Max Conrad by airplane

From the archives: long distance pilot Max Conrad

In this trip through the archives, we're republishing an article from the November 1965 edition of Air Facts. Here, regular contributor Neil Armstrong profiles "the Maestro of Flight—Max Conrad." If the name sounds familiar it's because he set numerous flying records in the 1950s and 1960s, most of them in general aviation airplanes. 
Bob Hoover

How a local airshow thrives and dies

As any good story in aviation starts, the rise and fall of Airshow Chattanooga begins with Bob Hoover and a dare. At the turn of 1990, then 28-year-old Morty Lloyd found the legendary WWII pilot and airshow performer’s phone number. On a whim he called, asking if he and his buddies started an airshow in Chattanooga, Tennessee, would he perform.
William Piper

From the archives: Bob Buck on William T. Piper

I know a wonderful man who believes that one of life's greatest gifts is the opportunity to work. He believes also that age doesn't keep you from doing what you want to do. He proved this by starting an airplane factory at 50. He learned to fly that same year – 1931. Today his firm has made more airplanes than any other in the world. The man is William Thomas Piper.
Early flight sim

A personal progression through flight sims

Bruce Artwick, a computer graphics guy, along with marketing student and pilot, Stu Moment, formed a company named SubLogic to sell their home-grown computer games. With their program a person could fly a simulated aircraft over a five-square-mile grid of primitive wire-frame graphics. It was outstanding!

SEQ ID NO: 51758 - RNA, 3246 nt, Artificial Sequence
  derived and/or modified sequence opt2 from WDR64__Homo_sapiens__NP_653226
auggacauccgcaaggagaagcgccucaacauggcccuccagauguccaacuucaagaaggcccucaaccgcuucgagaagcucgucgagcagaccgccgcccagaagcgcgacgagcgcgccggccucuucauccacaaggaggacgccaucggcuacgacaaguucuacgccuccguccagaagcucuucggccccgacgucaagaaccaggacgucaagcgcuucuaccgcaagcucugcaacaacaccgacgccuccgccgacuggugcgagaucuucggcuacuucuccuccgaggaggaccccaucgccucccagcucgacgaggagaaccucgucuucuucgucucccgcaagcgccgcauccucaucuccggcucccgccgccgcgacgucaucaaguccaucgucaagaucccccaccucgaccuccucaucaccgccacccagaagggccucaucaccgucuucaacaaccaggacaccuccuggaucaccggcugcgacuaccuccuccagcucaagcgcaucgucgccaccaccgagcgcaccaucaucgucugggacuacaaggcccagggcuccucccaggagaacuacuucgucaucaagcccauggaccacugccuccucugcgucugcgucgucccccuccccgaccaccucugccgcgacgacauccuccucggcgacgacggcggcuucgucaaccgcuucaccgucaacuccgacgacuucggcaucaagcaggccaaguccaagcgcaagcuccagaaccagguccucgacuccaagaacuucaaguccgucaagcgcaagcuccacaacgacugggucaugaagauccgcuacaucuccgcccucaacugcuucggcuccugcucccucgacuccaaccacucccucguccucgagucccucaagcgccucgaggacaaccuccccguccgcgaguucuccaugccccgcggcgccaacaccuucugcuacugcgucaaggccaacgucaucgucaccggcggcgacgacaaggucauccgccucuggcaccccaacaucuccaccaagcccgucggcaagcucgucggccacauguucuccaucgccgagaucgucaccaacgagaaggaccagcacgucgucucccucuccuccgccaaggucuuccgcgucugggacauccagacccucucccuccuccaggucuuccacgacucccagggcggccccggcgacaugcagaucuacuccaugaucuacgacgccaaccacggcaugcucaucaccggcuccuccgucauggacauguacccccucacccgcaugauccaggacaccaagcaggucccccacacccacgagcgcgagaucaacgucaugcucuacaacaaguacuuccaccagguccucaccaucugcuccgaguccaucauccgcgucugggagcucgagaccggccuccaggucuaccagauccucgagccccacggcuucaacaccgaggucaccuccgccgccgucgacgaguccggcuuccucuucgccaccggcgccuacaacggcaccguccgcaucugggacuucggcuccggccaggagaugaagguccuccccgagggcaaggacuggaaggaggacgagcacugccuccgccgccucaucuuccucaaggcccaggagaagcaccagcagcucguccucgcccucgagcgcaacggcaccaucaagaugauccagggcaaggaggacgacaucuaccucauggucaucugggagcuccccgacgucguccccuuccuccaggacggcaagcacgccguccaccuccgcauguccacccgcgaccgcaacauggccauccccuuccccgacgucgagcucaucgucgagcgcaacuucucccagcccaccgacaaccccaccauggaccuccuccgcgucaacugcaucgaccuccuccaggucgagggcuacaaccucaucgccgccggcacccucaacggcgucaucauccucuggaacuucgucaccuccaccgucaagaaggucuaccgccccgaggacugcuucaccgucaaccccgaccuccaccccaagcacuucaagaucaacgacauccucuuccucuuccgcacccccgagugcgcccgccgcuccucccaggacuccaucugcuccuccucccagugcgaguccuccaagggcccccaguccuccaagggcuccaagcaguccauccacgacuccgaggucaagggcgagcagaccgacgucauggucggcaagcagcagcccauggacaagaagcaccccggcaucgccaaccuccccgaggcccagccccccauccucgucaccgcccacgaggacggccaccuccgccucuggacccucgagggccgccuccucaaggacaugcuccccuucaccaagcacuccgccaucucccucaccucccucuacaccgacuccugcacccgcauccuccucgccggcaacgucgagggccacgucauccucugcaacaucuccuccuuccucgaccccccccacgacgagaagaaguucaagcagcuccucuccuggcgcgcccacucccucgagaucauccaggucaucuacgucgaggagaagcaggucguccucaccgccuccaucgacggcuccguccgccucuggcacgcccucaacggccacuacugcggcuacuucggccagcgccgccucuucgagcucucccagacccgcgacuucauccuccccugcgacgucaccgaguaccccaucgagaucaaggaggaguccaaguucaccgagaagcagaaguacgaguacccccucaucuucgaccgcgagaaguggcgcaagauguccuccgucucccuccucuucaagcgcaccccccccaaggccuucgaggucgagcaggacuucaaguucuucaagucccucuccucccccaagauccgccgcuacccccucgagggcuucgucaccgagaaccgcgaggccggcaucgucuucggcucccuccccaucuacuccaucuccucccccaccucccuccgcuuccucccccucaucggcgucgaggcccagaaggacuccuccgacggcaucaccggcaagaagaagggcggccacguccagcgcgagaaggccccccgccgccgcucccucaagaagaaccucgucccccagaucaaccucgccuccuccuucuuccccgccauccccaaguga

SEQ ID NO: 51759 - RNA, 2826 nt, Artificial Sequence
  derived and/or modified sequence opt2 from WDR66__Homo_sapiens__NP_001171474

Runways, large and small

Runways have been marked out on beaches, deserts, mountains and on water. Many companies still operate out of impossible airstrips perched on mountain tops at high elevations, while others fly out of jungle airstrips in remote areas. These are often the only way in which people have access to the outside world, like in Alaska and Canada.
AF cover, 8-70

Wolfgang Langewiesche on pilot proficiency

We're diving into the Air Facts archives for another thought-provoking article from legendary pilot and author Wolfgang Langewiesche. In "A Ladder to Climb," which first appeared in the August 1970 edition of Air Facts, he argues that pilots need to step up their game and offers a suggestion for how they might do that—with a nod to the world of gliders. Might this be easier with modern technology?
Harriet Quimby

Overlooked pioneers in women’s aviation

While observing Women’s History Month this month, the names of Amelia Earhart, Pancho Barnes, and Bessie Colman come easily to mind, but the achievements of many less well-known women aviators are also worth celebrating. What follows is simply a place to start…
Stalag Luft IV

The story of a winged boot, and the men who wore it

We have a lot of memorabilia from both of our fathers, however, one unique item really grabbed our attention. It is a small patch featuring an embroidered boot with a single wing on it. Susan and I wondered what the significance of a winged boot was and why it was part of her father’s memorabilia. I searched the Internet and was stunned by what I learned.
Jetwing on ramp

From jars to jets: the forgotten story of the Jetwing

Backyard gardens enjoyed a good growing season hear in the Midwest, leaving us with an abundance of produce. What hasn’t been used already is being saved by drying, freezing or canning. There’s even a shortage of canning supplies at the local hardware store. That got me thinking about glass jars and outer space. Stay with me and I’ll explain.

From the archives: Checkout in a Spitfire

The Supermarine Spitfire is one of the most beautiful airplanes to ever take to the skies, and an effective one too, with a sterling record during the Battle of Britain. In this trip into the Air Facts archives, Nancy Miller takes us inside the famous Spit for a look at what it was like to fly one. She should know—she logged nearly 1,000 hours ferrying airplanes for the RAF.
Curtiss Falcon

Charles Lindbergh flies virus serum to Quebec